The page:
Launched at the end of 2019, the pilot project aimed to find suitable homes for a vast collection of more than 2,300 objects, artworks, archaeological and decorative pieces which made up our Museums and Loans Service collection and our Schools Library Service (SLS).
The SLS closed in 2018 and following that, the collection was taken to our Buxton Museum and Art Gallery to be temporarily stored.
The museum did not have the space to house the objects in the long term and the majority of the pieces were not suitable for display as they did not align with other collections and themes.
Staff at the museum and art gallery successfully applied to the Esmée Fairbairn Collections Fund (administered by the Museums Association) for a grant to fund a project to source appropriate homes for the pieces, with the main aim of keeping them in the public domain and on public display where at all possible.
The project was selected for funding by the Museums Association because it represented a model of best practice in adhering to its code of ethics around dispersal of objects.
The project has now seen more than 2,000 objects re-homed in this country and abroad, with an auction being held on Friday 19 November 2021 to dispose of the remaining items. Any profits will be returned to the museum and art gallery to support its work.
Derbyshire County Council Leader and Cabinet Member for Strategic Leadership, Culture, Tourism and Climate Change, Councillor Barry Lewis said:
“The transfer of collections from the Schools Library Service to museums and other venues has been a pioneering and very exciting project for us to be involved in.
“For a long time, museums have been nervous about the disposal of objects, so we welcomed the confidence the Museums Association placed in us to get this right. It is an innovative project which has seen items being re-homed in a transparent way, carefully considering where the best place is for the object while ensuring that it is not lost to the public, where possible.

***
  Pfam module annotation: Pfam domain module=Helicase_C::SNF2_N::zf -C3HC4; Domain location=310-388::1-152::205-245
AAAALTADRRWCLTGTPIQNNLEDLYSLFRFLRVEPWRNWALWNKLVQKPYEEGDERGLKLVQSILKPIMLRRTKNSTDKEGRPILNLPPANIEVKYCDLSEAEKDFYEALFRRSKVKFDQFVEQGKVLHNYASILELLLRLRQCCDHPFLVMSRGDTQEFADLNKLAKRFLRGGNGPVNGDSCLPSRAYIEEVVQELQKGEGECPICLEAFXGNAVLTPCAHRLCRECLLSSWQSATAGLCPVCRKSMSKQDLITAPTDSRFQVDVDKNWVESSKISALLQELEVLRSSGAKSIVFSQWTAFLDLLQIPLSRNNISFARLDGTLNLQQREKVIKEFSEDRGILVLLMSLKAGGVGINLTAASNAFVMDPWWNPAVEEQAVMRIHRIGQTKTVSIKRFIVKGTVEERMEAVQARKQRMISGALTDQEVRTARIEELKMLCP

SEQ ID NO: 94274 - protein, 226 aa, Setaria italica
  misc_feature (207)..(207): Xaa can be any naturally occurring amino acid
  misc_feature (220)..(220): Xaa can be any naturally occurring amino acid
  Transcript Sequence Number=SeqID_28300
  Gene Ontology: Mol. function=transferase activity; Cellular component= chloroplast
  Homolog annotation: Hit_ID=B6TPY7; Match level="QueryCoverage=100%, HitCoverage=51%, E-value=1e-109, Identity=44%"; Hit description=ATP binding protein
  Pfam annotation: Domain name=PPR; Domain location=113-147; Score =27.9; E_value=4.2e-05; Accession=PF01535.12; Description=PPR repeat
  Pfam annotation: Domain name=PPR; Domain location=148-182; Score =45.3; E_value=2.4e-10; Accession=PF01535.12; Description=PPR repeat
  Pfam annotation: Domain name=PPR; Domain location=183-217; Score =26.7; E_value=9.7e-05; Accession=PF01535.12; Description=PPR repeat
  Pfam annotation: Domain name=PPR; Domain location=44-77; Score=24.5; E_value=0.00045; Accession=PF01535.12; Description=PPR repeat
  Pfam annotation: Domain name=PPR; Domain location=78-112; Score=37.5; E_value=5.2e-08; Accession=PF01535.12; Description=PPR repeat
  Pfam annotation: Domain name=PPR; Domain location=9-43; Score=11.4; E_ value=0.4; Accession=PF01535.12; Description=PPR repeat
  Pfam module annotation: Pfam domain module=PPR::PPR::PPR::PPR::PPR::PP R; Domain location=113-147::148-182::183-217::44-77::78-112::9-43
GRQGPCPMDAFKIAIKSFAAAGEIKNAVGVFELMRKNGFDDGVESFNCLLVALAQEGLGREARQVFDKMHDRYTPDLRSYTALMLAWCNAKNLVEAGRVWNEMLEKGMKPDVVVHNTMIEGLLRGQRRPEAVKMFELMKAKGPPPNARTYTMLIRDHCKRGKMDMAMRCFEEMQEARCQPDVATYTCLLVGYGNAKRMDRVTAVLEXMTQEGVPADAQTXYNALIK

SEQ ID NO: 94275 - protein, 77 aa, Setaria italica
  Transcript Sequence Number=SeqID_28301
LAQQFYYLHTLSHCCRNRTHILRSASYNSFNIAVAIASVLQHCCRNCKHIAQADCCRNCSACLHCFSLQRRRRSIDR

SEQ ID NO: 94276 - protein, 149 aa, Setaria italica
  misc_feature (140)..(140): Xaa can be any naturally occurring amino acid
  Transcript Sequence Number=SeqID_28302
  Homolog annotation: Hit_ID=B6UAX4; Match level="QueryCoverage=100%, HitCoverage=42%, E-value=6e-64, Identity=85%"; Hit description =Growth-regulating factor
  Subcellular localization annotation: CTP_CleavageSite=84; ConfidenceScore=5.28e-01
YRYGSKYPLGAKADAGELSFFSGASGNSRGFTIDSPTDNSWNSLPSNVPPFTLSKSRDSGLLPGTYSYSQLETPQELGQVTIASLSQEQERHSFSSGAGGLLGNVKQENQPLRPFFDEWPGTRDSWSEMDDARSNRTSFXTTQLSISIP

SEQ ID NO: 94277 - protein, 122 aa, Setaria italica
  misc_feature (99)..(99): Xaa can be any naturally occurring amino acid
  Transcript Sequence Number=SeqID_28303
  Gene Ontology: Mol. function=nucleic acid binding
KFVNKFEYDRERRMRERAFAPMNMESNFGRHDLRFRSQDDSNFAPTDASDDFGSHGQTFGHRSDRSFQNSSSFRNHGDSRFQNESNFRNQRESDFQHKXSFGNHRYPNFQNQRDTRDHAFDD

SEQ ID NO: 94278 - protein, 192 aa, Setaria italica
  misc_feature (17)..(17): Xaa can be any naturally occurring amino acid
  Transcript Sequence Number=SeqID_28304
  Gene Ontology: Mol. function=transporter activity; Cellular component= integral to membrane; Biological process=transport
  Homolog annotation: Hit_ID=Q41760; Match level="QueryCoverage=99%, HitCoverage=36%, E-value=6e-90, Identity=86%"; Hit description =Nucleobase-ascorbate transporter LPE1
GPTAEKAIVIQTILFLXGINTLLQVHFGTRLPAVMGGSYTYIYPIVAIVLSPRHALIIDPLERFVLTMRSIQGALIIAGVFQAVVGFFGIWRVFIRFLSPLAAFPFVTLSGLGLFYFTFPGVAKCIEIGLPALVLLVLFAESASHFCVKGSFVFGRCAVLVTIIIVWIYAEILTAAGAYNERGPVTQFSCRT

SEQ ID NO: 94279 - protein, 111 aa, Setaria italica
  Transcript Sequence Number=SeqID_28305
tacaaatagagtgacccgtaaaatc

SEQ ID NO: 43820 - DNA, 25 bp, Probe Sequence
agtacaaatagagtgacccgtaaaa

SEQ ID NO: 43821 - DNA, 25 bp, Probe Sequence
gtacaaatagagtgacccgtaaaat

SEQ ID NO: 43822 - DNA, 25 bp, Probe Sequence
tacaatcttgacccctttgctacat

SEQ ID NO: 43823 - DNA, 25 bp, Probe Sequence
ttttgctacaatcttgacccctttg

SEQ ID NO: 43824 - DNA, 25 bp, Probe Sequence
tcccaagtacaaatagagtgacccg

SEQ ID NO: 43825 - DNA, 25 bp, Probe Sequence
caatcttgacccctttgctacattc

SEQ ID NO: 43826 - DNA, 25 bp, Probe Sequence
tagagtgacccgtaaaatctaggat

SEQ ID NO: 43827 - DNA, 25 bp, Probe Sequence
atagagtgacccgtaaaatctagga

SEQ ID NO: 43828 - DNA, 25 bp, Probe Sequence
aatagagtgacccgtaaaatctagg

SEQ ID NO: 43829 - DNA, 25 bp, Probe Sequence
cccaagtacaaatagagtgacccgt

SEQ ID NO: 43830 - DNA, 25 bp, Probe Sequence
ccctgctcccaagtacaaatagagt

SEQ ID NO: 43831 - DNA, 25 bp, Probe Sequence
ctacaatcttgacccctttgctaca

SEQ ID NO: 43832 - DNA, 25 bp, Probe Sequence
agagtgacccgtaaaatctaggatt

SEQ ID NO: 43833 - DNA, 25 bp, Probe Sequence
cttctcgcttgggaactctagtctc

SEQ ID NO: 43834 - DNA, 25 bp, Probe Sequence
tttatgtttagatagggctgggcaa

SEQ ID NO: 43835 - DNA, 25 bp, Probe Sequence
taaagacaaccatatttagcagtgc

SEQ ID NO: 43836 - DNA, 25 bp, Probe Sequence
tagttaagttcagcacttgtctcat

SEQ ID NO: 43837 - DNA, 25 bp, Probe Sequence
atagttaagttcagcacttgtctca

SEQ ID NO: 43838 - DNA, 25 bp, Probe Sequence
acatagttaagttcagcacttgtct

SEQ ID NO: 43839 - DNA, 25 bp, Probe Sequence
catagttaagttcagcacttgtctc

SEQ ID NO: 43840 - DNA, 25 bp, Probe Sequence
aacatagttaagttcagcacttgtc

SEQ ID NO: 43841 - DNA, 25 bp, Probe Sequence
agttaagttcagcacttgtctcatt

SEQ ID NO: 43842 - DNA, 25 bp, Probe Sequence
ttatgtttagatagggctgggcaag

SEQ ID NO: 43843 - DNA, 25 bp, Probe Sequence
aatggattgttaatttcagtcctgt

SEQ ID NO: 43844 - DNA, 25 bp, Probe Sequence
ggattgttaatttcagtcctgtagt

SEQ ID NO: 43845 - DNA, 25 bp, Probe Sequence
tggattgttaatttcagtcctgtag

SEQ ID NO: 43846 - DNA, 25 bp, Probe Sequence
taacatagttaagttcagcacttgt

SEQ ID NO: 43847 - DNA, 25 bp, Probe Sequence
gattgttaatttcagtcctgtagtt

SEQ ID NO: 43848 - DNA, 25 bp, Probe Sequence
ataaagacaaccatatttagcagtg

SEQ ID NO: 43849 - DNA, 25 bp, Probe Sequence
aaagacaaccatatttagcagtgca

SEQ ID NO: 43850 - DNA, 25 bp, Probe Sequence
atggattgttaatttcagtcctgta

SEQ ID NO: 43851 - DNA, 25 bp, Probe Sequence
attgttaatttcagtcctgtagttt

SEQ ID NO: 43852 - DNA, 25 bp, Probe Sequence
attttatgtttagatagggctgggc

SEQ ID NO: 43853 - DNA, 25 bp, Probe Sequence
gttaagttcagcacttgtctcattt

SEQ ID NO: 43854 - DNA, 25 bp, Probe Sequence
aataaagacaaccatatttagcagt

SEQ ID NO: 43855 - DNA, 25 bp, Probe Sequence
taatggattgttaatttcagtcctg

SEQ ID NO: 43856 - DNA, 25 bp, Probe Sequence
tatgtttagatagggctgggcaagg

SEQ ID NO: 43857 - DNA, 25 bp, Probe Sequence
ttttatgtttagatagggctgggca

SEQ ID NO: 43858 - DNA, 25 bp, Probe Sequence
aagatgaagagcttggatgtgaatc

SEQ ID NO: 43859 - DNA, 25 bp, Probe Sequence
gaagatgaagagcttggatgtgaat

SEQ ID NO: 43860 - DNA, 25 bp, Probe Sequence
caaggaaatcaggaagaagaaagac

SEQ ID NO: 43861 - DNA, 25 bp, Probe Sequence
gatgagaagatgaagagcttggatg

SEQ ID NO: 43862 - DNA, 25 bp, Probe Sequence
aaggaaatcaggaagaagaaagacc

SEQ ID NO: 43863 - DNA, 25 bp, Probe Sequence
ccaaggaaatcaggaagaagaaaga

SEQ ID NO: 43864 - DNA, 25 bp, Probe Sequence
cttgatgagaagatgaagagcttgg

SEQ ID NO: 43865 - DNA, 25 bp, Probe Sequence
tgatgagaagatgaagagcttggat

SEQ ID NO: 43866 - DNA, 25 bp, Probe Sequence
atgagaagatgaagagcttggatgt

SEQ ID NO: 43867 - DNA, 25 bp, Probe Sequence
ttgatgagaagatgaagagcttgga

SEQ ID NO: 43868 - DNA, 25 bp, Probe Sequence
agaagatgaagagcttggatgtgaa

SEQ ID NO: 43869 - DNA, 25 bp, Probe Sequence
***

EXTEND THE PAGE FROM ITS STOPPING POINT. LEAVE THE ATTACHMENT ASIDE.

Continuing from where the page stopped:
“We are very pleased that the project has been so successful, with more than 2,000 pieces including pictures, ceramics, glass and other artefacts being placed at more than 100 museums, galleries and collections.
“Any money raised will go straight back to the Buxton Museum and Art Gallery to be invested in the care of the collections, to ensure that visitors especially students and children, continue to have the opportunity to enjoy the artworks and history held in the collections there.”
Collections Development Officer for the Museums Association Sarah Briggs said:
“Disposal is a vital part of good museums practice to enable future collecting and keep museums relevant to their communities. The team at Buxton have done incredible work to ensure that these wonderful objects find new publicly accessible homes instead of sitting in a store. We’re sure that the work will be an inspiration to other museums.’’